Then in 2017, Republicans did the same thing for Supreme Court vacancies, breaking a Democratic filibuster against Gorsuch by blowing up the rules. With Gorsuch and Kavanaugh, confirmed in 2018 by a 50-48 vote, the court is more solidly conservative than it has been in years.
In response, liberal advocacy groups have urged altering the court’s structure, either by adding seats or instituting term limits. But even Ginsburg opposes the “court-packing” proposals reminiscent of President Franklin Roosevelt’s failed efforts in the 1930s.
“If anything would make the court look partisan, it would be that – one side saying, ‘When we’re in power, we’re going to enlarge the number of judges, so we would have more people who would vote the way we want them to,'” Ginsburg said last year.
While the president and Senate majority leader continue to focus on circuit and district court judges, Ginsburg’s age and health are what makes talk of potential Supreme Court vacancies relevant.
The leader of the court’s four liberals bounced back from colon cancer in 1999 and pancreatic cancer a decade later, and her twice-weekly workouts now are enshrined in a book authored by her trainer. But early last year, she missed two weeks of oral arguments while recovering from surgery to remove two malignant nodules from her left lung. Then later in the year, she required three weeks of radiation treatment for a cancerous tumor on her pancreas.
Upon her latest recovery, Ginsburg embarked on a series of public speaking engagements that would tire someone half her age. Her appearance Monday at Georgetown University Law Center was her fourth this month. She hosts a musical program at the Supreme Court Thursday; the following day, she presents the first-ever Justice Ruth Bader Ginsburg Woman of Leadership Award at the Library of Congress.
“We just get flooded with invitations,” she said at Georgetown Law. “I can be getting an award every day of the week.”
‘Tougher thing to pull off’
A Supreme Court confirmation battle in 2020 likely would echo the 2016 debate – in reverse.
Democrats would argue that the seat should remain vacant until the voters speak in November. Liberal groups would target vulnerable Republicans up for election in “purple” states, citing their support for McConnell’s roadblock four years ago as well as their Senate impeachment trial votes for Trump’s acquittal last week.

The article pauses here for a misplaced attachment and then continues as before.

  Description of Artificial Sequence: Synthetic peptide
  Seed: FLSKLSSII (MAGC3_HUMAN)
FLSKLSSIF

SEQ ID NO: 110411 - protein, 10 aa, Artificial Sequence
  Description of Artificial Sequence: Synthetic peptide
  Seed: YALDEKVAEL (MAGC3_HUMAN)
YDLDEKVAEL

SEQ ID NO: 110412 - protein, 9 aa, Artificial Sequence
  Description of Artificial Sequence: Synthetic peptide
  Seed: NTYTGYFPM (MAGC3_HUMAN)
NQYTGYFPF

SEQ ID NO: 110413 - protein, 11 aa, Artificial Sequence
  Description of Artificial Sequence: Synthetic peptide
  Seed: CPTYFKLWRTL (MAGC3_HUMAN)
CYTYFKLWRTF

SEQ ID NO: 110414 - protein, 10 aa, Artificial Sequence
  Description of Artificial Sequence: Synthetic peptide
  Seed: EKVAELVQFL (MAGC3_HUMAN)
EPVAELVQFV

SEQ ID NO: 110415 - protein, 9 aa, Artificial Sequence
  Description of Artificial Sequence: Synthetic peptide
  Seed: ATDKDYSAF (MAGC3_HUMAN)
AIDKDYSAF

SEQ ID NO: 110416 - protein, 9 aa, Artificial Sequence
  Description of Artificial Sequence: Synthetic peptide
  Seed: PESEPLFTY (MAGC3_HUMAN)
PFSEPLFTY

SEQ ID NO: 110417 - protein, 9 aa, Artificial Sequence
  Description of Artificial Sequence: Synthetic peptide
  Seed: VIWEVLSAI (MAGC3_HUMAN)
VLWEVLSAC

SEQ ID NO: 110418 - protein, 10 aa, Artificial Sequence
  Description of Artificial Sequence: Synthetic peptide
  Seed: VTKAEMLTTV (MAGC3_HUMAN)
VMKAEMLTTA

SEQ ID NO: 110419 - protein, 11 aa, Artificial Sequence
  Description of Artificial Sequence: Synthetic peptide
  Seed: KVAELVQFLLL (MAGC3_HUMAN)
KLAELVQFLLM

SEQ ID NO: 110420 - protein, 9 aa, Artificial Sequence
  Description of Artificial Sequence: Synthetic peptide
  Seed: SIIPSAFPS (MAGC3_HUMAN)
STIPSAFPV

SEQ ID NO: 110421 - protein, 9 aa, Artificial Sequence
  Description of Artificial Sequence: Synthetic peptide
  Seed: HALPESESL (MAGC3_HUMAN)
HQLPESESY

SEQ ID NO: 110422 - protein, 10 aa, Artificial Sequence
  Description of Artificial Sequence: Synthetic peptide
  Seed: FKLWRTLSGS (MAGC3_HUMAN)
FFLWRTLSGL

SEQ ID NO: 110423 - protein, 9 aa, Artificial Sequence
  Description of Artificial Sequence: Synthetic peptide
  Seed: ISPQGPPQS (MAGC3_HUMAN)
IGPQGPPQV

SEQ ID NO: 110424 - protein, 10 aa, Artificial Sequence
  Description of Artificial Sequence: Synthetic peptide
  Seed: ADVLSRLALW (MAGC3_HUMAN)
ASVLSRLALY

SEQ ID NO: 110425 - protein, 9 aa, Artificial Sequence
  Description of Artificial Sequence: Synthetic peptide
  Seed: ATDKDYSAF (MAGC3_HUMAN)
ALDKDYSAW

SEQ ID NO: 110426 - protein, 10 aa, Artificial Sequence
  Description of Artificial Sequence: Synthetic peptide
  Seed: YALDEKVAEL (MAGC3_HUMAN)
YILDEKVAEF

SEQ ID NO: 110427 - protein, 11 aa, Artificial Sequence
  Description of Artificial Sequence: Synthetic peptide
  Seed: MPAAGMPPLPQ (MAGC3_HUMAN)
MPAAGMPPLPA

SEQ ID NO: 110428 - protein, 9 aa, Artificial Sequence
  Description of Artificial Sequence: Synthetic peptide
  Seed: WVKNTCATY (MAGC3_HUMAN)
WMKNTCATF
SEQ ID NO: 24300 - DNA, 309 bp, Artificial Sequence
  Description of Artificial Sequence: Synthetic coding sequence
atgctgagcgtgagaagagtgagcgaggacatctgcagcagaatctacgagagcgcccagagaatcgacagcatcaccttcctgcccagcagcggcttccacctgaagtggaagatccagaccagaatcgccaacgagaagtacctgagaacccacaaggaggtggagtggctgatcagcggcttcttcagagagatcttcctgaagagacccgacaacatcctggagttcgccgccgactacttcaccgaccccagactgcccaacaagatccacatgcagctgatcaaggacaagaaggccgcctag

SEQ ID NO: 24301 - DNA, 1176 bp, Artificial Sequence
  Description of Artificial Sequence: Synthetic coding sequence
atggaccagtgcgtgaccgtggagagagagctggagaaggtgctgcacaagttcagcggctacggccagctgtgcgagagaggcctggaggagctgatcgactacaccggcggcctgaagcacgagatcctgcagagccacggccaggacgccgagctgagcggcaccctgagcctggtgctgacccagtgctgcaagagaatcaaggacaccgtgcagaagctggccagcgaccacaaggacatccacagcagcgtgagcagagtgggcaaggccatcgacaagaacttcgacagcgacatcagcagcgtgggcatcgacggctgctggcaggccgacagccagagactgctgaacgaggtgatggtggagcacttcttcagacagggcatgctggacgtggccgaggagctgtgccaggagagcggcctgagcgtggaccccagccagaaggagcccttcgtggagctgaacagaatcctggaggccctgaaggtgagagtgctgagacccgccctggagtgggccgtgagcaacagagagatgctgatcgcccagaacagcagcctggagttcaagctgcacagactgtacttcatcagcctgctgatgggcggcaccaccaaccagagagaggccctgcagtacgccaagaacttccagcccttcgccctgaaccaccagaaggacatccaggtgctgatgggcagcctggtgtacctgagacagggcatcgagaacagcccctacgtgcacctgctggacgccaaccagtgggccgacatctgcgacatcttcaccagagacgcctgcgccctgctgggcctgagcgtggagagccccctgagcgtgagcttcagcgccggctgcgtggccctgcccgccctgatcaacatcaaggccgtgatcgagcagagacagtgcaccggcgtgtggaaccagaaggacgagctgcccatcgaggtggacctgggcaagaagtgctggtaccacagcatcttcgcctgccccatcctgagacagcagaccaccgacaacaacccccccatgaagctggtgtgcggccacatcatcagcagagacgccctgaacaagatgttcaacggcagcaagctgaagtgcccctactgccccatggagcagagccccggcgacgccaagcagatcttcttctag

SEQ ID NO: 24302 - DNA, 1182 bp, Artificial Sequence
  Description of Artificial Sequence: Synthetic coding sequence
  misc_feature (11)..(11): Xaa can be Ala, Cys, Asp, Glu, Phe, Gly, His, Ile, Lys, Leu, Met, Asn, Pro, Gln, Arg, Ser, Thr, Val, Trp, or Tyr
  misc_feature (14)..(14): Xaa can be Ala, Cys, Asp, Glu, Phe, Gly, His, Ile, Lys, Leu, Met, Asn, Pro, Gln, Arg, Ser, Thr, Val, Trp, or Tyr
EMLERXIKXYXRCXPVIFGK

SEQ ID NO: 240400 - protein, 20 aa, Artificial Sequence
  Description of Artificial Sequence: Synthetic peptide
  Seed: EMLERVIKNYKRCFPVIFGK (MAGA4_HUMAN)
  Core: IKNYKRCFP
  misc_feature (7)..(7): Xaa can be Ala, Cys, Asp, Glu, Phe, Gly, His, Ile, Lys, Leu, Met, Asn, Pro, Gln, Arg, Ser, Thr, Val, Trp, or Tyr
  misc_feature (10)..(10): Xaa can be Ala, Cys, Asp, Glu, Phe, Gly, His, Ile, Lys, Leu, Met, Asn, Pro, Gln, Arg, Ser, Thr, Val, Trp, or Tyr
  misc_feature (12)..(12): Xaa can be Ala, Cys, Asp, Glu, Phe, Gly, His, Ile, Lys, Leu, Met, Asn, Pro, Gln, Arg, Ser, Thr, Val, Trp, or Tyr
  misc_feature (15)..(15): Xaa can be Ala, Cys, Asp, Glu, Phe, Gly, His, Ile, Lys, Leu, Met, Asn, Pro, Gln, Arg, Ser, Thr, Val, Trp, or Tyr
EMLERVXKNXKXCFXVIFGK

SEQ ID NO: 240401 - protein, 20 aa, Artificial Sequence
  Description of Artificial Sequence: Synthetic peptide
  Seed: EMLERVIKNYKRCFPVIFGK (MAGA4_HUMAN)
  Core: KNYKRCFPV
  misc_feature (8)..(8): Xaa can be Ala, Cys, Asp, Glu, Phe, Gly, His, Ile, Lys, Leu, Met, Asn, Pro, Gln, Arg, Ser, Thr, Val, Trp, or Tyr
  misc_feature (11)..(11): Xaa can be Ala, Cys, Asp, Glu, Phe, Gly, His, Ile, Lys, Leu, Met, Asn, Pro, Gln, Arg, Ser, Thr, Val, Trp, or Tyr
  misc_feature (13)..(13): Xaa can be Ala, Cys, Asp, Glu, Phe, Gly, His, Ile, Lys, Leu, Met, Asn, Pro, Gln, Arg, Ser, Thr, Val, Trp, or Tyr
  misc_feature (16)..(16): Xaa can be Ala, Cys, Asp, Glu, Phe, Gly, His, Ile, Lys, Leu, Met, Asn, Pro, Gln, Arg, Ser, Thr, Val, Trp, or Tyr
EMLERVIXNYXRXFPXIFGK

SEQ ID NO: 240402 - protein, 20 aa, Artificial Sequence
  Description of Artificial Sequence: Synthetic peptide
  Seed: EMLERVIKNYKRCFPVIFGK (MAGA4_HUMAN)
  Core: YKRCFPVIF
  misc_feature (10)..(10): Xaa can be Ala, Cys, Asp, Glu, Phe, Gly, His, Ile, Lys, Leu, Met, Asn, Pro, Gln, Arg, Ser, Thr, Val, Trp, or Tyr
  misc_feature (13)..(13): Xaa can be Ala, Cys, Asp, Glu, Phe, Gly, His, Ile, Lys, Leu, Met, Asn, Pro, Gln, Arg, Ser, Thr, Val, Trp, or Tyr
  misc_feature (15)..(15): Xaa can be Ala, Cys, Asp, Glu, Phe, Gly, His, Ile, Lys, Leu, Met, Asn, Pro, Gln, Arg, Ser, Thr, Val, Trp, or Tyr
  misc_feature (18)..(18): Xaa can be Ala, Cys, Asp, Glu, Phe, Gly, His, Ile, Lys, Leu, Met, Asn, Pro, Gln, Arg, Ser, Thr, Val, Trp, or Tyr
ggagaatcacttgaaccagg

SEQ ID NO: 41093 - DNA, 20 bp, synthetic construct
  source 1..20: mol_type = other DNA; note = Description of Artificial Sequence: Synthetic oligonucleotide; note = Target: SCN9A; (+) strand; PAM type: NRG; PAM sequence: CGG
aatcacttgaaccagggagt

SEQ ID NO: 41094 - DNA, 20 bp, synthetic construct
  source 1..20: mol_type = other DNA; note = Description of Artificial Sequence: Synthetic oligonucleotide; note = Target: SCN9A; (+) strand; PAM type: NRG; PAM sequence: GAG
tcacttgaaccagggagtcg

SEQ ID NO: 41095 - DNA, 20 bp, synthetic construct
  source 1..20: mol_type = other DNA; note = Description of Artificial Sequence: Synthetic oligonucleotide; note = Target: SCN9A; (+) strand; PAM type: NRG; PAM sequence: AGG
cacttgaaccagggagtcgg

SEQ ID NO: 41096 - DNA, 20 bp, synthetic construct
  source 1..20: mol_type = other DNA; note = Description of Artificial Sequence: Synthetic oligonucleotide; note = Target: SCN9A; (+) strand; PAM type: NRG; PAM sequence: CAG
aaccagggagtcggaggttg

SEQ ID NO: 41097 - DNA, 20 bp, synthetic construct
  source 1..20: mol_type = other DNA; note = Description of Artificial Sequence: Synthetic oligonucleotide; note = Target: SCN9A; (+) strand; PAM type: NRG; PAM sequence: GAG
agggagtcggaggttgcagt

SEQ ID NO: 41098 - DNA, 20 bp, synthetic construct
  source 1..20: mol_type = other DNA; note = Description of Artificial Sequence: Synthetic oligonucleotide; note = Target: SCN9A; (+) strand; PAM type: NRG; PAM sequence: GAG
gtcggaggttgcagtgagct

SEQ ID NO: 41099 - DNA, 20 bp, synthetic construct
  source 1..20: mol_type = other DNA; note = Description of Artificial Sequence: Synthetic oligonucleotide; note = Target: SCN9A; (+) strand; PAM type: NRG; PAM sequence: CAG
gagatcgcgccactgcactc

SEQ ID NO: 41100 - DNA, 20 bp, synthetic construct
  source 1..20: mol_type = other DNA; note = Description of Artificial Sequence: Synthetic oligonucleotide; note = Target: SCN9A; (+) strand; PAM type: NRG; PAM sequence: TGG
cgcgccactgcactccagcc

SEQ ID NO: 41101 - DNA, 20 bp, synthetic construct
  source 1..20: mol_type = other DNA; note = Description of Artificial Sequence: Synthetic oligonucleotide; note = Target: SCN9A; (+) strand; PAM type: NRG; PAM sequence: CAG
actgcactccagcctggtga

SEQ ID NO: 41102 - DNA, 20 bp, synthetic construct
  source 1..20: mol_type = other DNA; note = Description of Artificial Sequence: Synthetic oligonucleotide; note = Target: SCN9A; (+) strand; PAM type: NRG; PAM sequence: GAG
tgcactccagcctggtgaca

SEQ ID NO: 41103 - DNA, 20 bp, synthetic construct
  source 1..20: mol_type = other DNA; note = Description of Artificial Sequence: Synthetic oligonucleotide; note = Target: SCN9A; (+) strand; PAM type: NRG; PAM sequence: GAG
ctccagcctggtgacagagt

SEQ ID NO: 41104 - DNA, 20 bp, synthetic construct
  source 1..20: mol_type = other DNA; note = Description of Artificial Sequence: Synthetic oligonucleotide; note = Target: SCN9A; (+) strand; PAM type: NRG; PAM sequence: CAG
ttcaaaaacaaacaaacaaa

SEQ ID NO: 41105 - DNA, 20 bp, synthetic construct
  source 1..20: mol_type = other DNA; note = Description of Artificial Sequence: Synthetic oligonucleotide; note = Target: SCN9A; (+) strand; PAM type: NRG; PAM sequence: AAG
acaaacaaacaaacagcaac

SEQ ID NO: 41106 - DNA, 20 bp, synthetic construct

“A fight like this would energize progressives even more than it would energize the right,” says Marge Baker, executive vice president of the liberal advocacy group People for the American Way. “I think this is going to be a tougher thing for McConnell to pull off.”
Republicans would recount past statements by Joe Biden, now seeking the White House, and Chuck Schumer, now the Senate’s Democratic leader, to justify what McConnell did in 2016. They would say their control of both the White House and Senate now makes that precedent irrelevant.
“There’s no chance that Mitch McConnell is going to leave a vacancy on the table, and he shouldn’t,” says Mike Davis, who was nominations counsel for the Senate Judiciary Committee during Kavanaugh’s confirmation.
The only complication for Republicans might be the calendar. By Labor Day, it would be difficult to get through the normal confirmation process by Election Day. And if Trump fails to win re-election or Republicans lose their Senate majority, it would be hard to justify filling a vacancy in a lame-duck session.
That’s little solace to liberals who fear a more conservative Supreme Court, perhaps for generations to come.
“We take McConnell at his word on this,” says Nan Aron, president of the liberal Alliance for Justice. “We know he would do anything – he would go to the farthest end of the earth – to pack the Supreme Court.”